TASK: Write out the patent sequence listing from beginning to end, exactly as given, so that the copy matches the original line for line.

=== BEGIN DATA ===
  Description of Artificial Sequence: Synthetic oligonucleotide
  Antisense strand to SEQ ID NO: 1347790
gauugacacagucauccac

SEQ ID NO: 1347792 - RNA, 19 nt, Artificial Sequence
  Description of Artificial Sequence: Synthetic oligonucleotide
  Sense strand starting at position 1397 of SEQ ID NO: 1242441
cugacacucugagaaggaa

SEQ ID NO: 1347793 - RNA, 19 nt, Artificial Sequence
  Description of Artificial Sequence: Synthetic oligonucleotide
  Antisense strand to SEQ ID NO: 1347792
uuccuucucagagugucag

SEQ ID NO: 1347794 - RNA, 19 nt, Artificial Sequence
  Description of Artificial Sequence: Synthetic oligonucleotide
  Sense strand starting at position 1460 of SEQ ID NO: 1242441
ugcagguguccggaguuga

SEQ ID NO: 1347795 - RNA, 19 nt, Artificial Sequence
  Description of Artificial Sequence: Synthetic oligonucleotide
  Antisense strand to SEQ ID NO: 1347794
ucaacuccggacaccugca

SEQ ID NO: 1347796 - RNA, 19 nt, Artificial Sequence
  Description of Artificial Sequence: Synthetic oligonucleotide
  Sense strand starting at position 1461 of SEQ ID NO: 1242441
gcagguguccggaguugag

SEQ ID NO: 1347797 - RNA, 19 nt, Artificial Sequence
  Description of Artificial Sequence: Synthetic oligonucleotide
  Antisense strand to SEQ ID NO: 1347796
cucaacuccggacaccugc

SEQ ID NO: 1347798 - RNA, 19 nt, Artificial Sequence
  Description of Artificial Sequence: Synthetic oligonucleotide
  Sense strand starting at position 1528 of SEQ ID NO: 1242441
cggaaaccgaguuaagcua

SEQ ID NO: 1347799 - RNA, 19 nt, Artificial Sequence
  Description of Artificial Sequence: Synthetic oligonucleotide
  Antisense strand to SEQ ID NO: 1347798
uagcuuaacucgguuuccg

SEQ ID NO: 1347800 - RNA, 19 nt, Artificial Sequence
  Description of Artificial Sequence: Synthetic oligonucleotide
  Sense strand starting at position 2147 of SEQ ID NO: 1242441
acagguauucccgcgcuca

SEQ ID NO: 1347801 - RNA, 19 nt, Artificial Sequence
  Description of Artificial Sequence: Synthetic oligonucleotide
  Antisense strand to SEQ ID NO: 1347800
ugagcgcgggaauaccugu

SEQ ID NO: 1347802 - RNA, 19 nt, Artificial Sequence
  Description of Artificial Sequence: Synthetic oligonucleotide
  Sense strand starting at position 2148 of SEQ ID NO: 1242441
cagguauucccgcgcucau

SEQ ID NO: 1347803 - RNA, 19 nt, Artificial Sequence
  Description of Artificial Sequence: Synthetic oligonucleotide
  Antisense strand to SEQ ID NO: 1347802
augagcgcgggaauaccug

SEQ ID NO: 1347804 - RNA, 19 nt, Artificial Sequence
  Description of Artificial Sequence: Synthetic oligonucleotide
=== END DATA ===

  Description of Artificial Sequence: Synthetic oligonucleotide
  Antisense strand to SEQ ID NO: 1347790
gauugacacagucauccac

SEQ ID NO: 1347792 - RNA, 19 nt, Artificial Sequence
  Description of Artificial Sequence: Synthetic oligonucleotide
  Sense strand starting at position 1397 of SEQ ID NO: 1242441
cugacacucugagaaggaa

SEQ ID NO: 1347793 - RNA, 19 nt, Artificial Sequence
  Description of Artificial Sequence: Synthetic oligonucleotide
  Antisense strand to SEQ ID NO: 1347792
uuccuucucagagugucag

SEQ ID NO: 1347794 - RNA, 19 nt, Artificial Sequence
  Description of Artificial Sequence: Synthetic oligonucleotide
  Sense strand starting at position 1460 of SEQ ID NO: 1242441
ugcagguguccggaguuga

SEQ ID NO: 1347795 - RNA, 19 nt, Artificial Sequence
  Description of Artificial Sequence: Synthetic oligonucleotide
  Antisense strand to SEQ ID NO: 1347794
ucaacuccggacaccugca

SEQ ID NO: 1347796 - RNA, 19 nt, Artificial Sequence
  Description of Artificial Sequence: Synthetic oligonucleotide
  Sense strand starting at position 1461 of SEQ ID NO: 1242441
gcagguguccggaguugag

SEQ ID NO: 1347797 - RNA, 19 nt, Artificial Sequence
  Description of Artificial Sequence: Synthetic oligonucleotide
  Antisense strand to SEQ ID NO: 1347796
cucaacuccggacaccugc

SEQ ID NO: 1347798 - RNA, 19 nt, Artificial Sequence
  Description of Artificial Sequence: Synthetic oligonucleotide
  Sense strand starting at position 1528 of SEQ ID NO: 1242441
cggaaaccgaguuaagcua

SEQ ID NO: 1347799 - RNA, 19 nt, Artificial Sequence
  Description of Artificial Sequence: Synthetic oligonucleotide
  Antisense strand to SEQ ID NO: 1347798
uagcuuaacucgguuuccg

SEQ ID NO: 1347800 - RNA, 19 nt, Artificial Sequence
  Description of Artificial Sequence: Synthetic oligonucleotide
  Sense strand starting at position 2147 of SEQ ID NO: 1242441
acagguauucccgcgcuca

SEQ ID NO: 1347801 - RNA, 19 nt, Artificial Sequence
  Description of Artificial Sequence: Synthetic oligonucleotide
  Antisense strand to SEQ ID NO: 1347800
ugagcgcgggaauaccugu

SEQ ID NO: 1347802 - RNA, 19 nt, Artificial Sequence
  Description of Artificial Sequence: Synthetic oligonucleotide
  Sense strand starting at position 2148 of SEQ ID NO: 1242441
cagguauucccgcgcucau

SEQ ID NO: 1347803 - RNA, 19 nt, Artificial Sequence
  Description of Artificial Sequence: Synthetic oligonucleotide
  Antisense strand to SEQ ID NO: 1347802
augagcgcgggaauaccug

SEQ ID NO: 1347804 - RNA, 19 nt, Artificial Sequence
  Description of Artificial Sequence: Synthetic oligonucleotide